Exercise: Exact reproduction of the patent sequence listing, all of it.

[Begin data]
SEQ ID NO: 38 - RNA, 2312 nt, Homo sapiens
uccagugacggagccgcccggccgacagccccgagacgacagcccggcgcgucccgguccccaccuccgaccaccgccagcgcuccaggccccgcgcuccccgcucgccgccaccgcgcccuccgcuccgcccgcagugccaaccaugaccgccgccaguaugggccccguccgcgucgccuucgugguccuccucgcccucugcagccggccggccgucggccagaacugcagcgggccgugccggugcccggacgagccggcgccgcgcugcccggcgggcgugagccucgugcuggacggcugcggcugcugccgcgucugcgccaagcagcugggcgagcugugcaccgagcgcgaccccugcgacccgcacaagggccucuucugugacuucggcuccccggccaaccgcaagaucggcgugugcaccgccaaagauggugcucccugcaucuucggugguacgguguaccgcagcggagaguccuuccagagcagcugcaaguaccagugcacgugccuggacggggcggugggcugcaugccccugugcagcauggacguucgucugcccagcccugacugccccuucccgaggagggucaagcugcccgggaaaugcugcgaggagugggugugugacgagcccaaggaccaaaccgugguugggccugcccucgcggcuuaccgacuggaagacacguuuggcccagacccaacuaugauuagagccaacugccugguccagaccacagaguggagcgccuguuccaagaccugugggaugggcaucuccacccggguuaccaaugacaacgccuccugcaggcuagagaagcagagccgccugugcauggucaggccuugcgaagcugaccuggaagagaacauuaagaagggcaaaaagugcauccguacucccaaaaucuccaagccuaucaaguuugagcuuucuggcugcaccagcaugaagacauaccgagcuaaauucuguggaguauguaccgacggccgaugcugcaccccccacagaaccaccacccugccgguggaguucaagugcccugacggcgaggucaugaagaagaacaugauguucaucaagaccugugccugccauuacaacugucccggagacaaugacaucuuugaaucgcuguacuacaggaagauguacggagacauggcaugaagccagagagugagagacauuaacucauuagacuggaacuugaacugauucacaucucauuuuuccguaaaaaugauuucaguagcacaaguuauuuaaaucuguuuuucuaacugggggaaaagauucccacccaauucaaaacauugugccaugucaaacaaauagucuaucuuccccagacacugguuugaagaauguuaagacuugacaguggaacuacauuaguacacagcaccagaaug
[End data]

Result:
SEQ ID NO: 38 - RNA, 2312 nt, Homo sapiens
uccagugacggagccgcccggccgacagccccgagacgacagcccggcgcgucccgguccccaccuccgaccaccgccagcgcuccaggccccgcgcuccccgcucgccgccaccgcgcccuccgcuccgcccgcagugccaaccaugaccgccgccaguaugggccccguccgcgucgccuucgugguccuccucgcccucugcagccggccggccgucggccagaacugcagcgggccgugccggugcccggacgagccggcgccgcgcugcccggcgggcgugagccucgugcuggacggcugcggcugcugccgcgucugcgccaagcagcugggcgagcugugcaccgagcgcgaccccugcgacccgcacaagggccucuucugugacuucggcuccccggccaaccgcaagaucggcgugugcaccgccaaagauggugcucccugcaucuucggugguacgguguaccgcagcggagaguccuuccagagcagcugcaaguaccagugcacgugccuggacggggcggugggcugcaugccccugugcagcauggacguucgucugcccagcccugacugccccuucccgaggagggucaagcugcccgggaaaugcugcgaggagugggugugugacgagcccaaggaccaaaccgugguugggccugcccucgcggcuuaccgacuggaagacacguuuggcccagacccaacuaugauuagagccaacugccugguccagaccacagaguggagcgccuguuccaagaccugugggaugggcaucuccacccggguuaccaaugacaacgccuccugcaggcuagagaagcagagccgccugugcauggucaggccuugcgaagcugaccuggaagagaacauuaagaagggcaaaaagugcauccguacucccaaaaucuccaagccuaucaaguuugagcuuucuggcugcaccagcaugaagacauaccgagcuaaauucuguggaguauguaccgacggccgaugcugcaccccccacagaaccaccacccugccgguggaguucaagugcccugacggcgaggucaugaagaagaacaugauguucaucaagaccugugccugccauuacaacugucccggagacaaugacaucuuugaaucgcuguacuacaggaagauguacggagacauggcaugaagccagagagugagagacauuaacucauuagacuggaacuugaacugauucacaucucauuuuuccguaaaaaugauuucaguagcacaaguuauuuaaaucuguuuuucuaacugggggaaaagauucccacccaauucaaaacauugugccaugucaaacaaauagucuaucuuccccagacacugguuugaagaauguuaagacuugacaguggaacuacauuaguacacagcaccagaaug